Bringing Stone Age genomic material back to life

Sunday, May 21, 2023 - 14:32 in Paleontology & Archaeology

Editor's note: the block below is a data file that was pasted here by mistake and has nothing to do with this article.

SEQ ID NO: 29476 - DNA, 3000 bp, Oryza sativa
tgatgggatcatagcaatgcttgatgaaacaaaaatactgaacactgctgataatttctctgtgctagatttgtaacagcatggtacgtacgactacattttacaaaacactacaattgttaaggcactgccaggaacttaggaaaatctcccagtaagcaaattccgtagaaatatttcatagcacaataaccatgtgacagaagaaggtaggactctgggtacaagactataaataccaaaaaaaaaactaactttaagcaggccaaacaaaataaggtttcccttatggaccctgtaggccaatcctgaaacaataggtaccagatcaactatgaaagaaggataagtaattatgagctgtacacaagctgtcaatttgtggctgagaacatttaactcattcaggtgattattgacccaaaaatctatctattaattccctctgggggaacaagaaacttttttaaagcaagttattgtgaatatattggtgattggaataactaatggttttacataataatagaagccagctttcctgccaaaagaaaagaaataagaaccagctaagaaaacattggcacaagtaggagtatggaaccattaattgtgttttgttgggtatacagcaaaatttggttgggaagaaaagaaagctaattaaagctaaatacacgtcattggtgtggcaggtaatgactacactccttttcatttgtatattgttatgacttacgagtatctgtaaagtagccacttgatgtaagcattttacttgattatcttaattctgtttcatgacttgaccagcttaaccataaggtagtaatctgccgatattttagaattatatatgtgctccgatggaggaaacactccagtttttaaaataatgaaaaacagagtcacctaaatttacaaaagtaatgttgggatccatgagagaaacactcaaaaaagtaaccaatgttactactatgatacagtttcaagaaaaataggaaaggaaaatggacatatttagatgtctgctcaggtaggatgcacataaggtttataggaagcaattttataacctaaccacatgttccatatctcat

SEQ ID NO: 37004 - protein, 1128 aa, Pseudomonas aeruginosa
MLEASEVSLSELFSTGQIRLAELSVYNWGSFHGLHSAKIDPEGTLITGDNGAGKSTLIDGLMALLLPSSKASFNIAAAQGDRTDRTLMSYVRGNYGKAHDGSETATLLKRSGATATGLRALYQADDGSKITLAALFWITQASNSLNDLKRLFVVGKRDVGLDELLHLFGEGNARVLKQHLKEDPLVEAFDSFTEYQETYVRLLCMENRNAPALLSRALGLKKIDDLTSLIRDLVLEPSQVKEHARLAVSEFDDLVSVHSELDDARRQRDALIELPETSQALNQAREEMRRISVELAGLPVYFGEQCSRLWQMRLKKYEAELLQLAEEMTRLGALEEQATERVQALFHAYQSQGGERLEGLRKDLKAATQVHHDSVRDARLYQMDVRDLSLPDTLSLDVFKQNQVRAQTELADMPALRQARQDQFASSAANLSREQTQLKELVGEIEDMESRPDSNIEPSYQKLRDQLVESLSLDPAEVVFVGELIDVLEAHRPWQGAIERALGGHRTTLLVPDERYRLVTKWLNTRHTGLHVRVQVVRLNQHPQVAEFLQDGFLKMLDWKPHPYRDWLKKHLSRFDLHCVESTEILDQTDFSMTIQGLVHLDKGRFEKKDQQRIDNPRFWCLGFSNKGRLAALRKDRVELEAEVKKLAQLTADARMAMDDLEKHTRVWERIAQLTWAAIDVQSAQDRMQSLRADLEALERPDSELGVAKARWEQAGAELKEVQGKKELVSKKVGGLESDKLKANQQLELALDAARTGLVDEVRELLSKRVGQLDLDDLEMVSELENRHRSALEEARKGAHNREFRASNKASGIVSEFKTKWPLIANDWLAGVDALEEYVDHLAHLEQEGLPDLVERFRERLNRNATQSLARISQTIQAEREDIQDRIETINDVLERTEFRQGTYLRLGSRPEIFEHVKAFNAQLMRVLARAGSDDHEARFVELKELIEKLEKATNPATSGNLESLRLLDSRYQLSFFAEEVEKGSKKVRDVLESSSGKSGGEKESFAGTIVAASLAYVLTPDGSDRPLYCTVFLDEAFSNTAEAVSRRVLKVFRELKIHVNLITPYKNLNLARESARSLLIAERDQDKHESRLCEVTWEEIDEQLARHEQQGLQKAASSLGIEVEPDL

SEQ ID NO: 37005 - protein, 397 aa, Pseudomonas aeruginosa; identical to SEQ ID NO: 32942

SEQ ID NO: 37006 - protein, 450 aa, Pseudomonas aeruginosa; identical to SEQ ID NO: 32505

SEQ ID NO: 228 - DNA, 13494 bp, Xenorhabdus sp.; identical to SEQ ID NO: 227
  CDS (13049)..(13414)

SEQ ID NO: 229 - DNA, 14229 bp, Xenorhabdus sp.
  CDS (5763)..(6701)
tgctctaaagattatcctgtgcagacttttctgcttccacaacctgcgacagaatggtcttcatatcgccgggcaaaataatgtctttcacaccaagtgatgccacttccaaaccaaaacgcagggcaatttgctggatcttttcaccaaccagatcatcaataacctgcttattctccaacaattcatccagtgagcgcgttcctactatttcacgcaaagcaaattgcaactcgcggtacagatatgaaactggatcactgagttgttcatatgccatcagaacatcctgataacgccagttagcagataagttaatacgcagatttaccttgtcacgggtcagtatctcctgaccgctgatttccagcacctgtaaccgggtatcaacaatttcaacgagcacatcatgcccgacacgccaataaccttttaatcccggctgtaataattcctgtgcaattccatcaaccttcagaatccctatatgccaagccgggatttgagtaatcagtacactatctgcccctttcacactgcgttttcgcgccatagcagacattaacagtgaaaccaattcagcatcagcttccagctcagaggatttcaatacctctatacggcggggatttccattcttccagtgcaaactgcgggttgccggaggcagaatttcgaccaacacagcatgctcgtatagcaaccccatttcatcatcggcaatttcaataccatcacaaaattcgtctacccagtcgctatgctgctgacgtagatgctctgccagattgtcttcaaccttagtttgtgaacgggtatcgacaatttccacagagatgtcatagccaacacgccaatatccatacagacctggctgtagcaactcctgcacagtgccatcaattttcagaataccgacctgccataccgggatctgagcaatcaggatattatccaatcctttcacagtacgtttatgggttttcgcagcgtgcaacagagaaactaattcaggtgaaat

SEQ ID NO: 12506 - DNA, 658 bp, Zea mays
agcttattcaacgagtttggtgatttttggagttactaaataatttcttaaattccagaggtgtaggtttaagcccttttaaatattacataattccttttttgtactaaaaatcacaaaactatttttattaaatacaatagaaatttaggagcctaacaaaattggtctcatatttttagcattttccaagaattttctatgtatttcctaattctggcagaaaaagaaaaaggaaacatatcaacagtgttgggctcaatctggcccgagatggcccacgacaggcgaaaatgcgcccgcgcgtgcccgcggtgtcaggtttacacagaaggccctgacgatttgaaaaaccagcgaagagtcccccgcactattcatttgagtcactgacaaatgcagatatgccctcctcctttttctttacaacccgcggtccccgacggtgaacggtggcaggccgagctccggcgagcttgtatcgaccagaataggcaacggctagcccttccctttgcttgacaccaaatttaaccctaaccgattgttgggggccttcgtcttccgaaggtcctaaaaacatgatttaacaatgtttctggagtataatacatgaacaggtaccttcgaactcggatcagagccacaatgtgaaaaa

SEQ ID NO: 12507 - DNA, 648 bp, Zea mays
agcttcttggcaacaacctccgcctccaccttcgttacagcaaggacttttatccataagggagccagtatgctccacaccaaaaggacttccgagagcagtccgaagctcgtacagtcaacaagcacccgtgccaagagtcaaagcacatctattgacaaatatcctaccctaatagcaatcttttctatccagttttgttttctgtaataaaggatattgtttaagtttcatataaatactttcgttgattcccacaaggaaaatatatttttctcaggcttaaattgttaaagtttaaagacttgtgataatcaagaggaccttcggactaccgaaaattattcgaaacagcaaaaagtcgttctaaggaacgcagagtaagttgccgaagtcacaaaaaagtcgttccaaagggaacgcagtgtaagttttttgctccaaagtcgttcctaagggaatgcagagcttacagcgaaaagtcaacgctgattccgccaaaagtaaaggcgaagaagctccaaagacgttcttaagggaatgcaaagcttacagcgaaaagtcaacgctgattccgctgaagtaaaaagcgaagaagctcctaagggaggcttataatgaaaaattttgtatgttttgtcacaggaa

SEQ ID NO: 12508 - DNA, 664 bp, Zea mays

For the first time, molecules dating to the Stone Age have been revived in the lab. This breakthrough was made possible only after scientists achieved another first — they successfully reconstructed the genomes of ancient microorganisms up to 100,000 years old, said Christina Warinner, associate professor of anthropology at Harvard and a senior author on the new study. “That’s 90,000 years older than the next nearest reconstructed genome.” Warinner, who is also a group leader with the Max Planck Institute for Evolutionary Anthropology, worked with an interdisciplinary team of researchers to achieve this feat. The group’s findings and genome-reconstruction techniques are outlined in a paper published Thursday in Science. An expert in biomolecular archaeology, Warinner has pioneered the study of ancient tooth tartar, the only part of the human body that fossilizes during life. A form of calcified dental plaque, tartar contains the same minerals as the human skeleton, with similar survival potential...

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